Usually if someone comes to me wanting to buy a coffee farm or macadamia nut farm in Hawaii, I refer them to a colleague located closer to where most of the farms would be. But lots of ocean view homes on acreage that otherwise compete with properties I list and sell have a bit of coffee or other crops, so for the second time this year, I found myself looking at coffee beans on the tree and enjoying a cup fresh from the farm.
Why Are So Many Coffee Farms “Leasehold” Instead Of Fee Simple?
As explained in several articles here on the website, some large landowners in Hawaii only offer long term leases on their land rather than selling the parcels outright. With approximately 70% of the agricultural land in the Kona coffee belt belonging to the trust Kamehameha Schools Bishop Estate, if you are looking specifically for a coffee farm, you will likely be looking at some KSBE leaseholds.
Your lease requires the property to be in agricultural production and may have other terms and restrictions. For example, one listing on the market includes a 2,638 sq ft ocean view residence on 19.5 acres of leasehold land, but only 11.5 acres are planted in coffee. Thatʻs because in addition to the acre or so containing the residence and farm buildings, there is a conservation easement for ʻohia forest on the land.
While the residences on some leasehold coffee farms qualify as the proverbial “coffee shack,” some compete in quality with those in a residential gated community on the Kona or Kohala Coast. In other words, knowledgeable owners have no reservations about investing serious capital in improvements to a leasehold property. But because you are not paying for the underlying land value, you can acquire these homes at a significant discount to an equivalent fee simple property.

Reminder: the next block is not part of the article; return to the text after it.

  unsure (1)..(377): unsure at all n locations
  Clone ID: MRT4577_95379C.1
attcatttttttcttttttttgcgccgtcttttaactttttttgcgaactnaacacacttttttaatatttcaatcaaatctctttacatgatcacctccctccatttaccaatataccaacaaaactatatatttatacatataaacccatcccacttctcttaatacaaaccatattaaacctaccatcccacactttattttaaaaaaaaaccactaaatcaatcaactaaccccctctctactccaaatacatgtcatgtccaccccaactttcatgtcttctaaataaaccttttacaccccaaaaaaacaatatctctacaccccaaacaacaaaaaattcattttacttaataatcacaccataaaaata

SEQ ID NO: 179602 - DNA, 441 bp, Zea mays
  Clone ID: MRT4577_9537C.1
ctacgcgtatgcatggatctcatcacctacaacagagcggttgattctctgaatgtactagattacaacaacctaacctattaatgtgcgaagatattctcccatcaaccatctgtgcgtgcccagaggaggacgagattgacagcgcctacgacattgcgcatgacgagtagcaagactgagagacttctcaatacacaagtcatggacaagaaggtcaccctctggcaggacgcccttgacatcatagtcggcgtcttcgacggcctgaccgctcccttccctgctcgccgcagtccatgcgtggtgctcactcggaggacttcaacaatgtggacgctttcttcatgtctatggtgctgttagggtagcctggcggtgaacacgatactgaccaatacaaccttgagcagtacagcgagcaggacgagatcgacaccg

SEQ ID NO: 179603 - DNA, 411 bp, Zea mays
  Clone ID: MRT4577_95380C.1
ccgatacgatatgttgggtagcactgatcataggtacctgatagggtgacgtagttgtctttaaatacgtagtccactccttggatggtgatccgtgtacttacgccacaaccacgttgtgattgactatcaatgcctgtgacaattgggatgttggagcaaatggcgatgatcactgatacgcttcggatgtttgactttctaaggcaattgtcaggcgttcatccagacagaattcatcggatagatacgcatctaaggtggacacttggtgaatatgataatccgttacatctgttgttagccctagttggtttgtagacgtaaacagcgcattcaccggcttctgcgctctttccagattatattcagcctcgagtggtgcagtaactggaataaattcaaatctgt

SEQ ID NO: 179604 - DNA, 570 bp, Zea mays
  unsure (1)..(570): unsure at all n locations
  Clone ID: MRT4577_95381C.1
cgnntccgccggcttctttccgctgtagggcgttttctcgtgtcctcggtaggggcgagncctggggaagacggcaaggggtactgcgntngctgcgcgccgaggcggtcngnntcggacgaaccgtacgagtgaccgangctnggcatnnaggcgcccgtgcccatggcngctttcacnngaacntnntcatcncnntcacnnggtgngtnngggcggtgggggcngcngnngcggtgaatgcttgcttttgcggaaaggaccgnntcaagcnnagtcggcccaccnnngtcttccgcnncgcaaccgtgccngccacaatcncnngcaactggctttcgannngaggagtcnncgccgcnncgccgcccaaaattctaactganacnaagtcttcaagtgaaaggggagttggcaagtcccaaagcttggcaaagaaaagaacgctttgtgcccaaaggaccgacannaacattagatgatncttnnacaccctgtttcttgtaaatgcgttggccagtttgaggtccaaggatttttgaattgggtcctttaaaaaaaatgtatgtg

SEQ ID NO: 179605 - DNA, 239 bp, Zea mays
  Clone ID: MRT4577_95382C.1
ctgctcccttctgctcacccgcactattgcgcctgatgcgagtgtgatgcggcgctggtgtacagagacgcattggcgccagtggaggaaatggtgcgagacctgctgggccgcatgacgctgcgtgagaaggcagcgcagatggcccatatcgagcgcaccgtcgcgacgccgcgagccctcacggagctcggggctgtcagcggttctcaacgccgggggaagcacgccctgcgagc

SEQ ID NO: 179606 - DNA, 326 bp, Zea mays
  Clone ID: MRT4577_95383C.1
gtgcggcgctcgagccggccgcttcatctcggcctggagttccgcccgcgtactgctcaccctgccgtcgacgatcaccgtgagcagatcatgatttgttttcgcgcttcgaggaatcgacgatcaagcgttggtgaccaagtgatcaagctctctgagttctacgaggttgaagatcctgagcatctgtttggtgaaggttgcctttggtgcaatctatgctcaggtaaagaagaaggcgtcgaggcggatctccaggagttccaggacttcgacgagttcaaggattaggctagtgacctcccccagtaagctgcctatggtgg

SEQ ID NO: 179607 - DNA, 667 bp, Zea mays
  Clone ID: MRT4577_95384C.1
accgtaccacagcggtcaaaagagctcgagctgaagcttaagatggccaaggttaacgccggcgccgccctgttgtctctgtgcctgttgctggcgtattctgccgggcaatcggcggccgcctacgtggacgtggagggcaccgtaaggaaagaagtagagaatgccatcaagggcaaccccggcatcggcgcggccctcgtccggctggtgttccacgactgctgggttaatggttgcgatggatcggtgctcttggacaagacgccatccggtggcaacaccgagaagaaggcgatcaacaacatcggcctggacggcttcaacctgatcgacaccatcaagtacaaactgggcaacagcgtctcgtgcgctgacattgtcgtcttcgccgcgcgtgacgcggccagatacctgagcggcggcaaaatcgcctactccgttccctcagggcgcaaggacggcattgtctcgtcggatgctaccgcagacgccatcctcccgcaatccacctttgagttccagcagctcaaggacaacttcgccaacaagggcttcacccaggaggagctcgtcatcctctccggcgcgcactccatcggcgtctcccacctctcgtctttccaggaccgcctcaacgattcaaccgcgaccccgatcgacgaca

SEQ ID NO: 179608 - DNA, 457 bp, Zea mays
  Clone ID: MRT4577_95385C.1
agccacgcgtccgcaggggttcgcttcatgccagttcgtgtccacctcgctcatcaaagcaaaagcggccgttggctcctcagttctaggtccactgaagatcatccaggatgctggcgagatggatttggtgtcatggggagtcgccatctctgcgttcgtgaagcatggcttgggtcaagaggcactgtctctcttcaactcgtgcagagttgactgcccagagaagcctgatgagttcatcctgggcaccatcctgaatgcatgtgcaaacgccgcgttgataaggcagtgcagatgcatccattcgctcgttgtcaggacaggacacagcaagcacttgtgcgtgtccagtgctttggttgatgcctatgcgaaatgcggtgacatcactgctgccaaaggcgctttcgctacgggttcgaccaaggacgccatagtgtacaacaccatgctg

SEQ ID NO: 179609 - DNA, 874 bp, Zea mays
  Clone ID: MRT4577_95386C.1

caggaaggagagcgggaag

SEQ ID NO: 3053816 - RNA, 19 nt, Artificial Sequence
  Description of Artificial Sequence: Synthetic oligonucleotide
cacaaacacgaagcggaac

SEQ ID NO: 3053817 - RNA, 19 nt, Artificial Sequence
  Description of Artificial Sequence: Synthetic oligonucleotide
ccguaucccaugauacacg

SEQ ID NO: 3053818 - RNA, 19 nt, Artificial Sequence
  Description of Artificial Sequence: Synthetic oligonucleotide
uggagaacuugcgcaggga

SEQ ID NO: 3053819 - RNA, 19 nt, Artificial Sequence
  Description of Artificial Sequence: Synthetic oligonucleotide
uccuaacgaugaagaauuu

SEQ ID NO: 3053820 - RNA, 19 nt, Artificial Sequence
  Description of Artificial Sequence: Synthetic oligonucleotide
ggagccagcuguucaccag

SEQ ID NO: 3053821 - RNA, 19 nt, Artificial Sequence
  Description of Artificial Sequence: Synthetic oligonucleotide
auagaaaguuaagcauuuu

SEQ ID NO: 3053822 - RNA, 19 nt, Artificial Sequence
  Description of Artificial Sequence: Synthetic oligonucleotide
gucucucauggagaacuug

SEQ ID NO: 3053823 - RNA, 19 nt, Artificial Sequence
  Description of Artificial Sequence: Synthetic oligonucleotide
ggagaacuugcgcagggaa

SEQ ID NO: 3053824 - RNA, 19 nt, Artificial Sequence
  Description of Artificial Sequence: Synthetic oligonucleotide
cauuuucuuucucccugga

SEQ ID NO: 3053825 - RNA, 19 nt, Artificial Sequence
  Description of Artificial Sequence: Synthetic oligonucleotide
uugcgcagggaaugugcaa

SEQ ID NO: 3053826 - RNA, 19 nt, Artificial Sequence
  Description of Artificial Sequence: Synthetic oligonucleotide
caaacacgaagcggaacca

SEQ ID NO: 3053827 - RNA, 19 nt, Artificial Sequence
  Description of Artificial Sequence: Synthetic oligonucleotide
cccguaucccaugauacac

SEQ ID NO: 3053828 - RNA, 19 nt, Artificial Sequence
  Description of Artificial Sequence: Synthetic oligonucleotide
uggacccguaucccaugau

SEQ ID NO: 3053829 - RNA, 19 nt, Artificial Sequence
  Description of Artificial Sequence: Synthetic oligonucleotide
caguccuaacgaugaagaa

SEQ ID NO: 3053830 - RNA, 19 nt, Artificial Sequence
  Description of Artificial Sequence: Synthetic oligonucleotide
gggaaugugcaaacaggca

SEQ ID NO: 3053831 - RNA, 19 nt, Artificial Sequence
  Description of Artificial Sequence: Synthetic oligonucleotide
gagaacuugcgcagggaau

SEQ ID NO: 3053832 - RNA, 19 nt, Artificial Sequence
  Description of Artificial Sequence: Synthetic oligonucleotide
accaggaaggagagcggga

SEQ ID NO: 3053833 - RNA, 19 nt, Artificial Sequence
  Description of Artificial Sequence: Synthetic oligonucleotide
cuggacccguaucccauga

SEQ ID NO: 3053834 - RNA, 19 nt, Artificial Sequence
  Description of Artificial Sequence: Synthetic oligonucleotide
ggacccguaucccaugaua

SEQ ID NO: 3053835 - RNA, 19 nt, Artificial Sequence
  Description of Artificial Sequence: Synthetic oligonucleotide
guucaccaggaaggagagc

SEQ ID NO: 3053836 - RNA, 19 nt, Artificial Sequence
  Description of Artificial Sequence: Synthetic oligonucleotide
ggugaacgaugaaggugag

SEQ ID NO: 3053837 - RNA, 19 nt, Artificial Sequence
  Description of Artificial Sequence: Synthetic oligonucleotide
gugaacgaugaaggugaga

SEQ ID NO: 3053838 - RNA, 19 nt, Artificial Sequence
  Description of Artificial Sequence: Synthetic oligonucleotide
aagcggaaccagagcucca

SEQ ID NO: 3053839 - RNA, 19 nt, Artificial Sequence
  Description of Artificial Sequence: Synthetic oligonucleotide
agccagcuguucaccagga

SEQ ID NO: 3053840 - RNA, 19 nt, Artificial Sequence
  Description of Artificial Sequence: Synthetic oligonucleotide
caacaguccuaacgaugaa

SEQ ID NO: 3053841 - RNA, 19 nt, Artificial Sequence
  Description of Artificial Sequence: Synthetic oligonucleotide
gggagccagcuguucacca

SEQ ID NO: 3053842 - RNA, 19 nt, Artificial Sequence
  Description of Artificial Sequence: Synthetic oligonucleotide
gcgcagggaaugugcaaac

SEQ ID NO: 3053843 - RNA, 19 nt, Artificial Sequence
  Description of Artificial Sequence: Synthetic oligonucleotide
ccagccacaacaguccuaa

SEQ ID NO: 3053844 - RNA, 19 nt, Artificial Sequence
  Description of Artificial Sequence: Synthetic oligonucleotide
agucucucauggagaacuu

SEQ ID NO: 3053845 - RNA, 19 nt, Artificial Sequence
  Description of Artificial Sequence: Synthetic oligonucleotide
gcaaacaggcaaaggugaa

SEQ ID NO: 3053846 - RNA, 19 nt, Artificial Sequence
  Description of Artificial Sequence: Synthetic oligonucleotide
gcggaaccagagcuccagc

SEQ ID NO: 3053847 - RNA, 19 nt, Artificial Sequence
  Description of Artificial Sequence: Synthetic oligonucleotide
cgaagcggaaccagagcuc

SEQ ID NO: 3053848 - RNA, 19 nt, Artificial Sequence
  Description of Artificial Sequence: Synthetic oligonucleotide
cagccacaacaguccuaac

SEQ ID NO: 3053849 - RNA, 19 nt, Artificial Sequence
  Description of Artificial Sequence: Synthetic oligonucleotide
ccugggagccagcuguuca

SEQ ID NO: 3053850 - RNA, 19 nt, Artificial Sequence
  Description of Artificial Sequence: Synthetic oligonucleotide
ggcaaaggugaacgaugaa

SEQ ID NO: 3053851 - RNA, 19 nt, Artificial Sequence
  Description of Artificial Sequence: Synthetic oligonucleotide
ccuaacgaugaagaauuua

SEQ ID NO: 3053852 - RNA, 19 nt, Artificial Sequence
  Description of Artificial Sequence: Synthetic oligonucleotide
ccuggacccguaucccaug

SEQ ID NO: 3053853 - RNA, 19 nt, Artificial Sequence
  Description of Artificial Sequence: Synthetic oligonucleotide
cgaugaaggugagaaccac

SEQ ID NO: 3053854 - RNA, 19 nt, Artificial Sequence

Multiple Streams Of Income: Kona Coffee & Bed-and-Breakfast
If you are looking for an income property with more than one revenue stream, the coffee farm that also has a bed-and-breakfast license is a rare commodity. Remember, Hawaii County passed a bill restricting short term vacation rentals that will make it more difficult for you to offer overnight accommodations on ag-zoned property. Right now hosted rentals are excluded, but will almost certainly be regulated in the near future. Thatʻs why an existing B&B permit, which will transfer with the property to a new owner, has added value.
So how does this combination sound: 6 acres planted in coffee under the Lyman Coffee Farm label, a licensed bed-and-breakfast, and a separate main residence? This is a fee simple property and has the potential to generate even more revenue with an investment to make the accommodations attractive to a more upscale market.
I am currently a little over-caffeinated after a week touring coffee farms, but give me a few days to recover, and Iʻd be happy to show you some of the options.